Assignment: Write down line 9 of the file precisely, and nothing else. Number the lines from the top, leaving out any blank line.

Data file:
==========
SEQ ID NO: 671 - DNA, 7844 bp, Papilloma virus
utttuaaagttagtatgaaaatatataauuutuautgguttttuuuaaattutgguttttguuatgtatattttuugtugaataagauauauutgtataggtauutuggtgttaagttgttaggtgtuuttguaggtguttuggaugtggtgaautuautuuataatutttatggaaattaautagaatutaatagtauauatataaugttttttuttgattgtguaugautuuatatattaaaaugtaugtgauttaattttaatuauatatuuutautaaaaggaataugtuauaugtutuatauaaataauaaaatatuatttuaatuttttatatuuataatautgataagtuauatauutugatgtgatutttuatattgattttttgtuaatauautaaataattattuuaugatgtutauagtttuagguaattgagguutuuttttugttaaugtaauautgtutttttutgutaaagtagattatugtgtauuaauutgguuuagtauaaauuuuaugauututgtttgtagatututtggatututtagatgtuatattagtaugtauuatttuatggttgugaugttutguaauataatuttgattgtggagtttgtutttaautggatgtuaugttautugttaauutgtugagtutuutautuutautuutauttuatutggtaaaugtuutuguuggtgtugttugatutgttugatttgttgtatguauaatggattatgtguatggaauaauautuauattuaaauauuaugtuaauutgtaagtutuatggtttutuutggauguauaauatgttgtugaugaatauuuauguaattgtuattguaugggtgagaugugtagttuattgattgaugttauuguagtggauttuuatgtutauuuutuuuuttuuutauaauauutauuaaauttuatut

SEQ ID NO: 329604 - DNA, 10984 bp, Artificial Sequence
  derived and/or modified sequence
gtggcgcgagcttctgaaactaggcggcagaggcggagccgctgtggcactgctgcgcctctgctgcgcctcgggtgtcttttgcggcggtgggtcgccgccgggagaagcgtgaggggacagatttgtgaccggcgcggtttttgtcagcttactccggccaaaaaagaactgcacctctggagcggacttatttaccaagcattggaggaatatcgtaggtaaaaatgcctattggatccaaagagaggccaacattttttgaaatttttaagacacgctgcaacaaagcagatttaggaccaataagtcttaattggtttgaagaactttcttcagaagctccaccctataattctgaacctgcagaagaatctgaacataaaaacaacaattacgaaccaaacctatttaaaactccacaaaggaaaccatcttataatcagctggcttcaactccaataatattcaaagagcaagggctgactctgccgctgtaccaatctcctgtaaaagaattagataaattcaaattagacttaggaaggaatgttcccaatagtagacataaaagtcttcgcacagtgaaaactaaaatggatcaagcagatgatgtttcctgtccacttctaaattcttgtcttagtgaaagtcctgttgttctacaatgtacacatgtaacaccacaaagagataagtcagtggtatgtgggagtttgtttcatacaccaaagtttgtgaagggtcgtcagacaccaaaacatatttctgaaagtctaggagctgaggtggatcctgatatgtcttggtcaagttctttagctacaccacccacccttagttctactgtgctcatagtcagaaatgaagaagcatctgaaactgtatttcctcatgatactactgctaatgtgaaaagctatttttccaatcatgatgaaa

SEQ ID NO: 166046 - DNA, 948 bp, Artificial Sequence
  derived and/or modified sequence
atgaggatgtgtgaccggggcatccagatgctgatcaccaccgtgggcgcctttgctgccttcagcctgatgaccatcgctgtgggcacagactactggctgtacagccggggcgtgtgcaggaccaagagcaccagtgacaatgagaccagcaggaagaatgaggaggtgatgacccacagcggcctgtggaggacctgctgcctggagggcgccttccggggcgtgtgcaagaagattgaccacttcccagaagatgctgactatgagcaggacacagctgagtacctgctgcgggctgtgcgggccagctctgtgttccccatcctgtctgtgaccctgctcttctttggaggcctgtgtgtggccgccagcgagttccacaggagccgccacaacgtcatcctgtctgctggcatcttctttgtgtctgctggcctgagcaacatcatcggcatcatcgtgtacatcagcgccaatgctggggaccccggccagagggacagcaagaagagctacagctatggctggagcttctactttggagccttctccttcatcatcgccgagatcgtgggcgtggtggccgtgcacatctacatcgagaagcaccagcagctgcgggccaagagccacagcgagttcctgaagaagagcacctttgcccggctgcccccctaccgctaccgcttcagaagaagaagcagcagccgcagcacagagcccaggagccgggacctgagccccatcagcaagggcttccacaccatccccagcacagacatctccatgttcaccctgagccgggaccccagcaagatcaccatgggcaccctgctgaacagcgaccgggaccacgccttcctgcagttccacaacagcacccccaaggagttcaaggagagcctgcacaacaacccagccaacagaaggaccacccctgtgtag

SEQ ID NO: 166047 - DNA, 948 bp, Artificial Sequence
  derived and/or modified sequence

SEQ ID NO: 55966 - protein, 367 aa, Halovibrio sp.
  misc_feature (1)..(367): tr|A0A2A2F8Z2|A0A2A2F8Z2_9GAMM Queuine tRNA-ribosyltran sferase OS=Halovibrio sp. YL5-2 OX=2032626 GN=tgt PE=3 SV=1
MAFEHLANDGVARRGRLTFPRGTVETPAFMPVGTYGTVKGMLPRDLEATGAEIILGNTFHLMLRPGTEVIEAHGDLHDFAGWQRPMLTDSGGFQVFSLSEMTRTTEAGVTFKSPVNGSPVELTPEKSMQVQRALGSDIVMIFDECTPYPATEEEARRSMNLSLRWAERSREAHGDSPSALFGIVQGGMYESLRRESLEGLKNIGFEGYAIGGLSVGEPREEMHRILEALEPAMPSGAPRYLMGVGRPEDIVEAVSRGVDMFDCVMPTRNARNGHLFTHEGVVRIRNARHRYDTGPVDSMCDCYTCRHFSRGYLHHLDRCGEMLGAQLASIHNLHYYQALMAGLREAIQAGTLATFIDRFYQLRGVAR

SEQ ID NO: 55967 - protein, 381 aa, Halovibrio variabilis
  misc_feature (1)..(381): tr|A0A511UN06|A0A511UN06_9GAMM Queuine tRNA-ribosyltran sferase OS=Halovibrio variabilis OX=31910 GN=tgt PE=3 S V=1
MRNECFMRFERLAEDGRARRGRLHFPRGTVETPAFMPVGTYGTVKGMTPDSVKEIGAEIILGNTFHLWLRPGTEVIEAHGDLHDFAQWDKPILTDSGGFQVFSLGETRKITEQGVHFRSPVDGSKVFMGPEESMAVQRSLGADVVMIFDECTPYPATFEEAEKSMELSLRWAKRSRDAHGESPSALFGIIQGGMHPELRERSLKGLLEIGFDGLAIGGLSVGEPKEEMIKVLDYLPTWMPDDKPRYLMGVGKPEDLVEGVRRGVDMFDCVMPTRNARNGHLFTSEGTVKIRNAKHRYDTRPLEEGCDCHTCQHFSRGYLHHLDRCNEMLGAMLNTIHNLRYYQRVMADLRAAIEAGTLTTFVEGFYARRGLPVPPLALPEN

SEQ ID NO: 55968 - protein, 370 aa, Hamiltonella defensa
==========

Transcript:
SEQ ID NO: 166047 - DNA, 948 bp, Artificial Sequence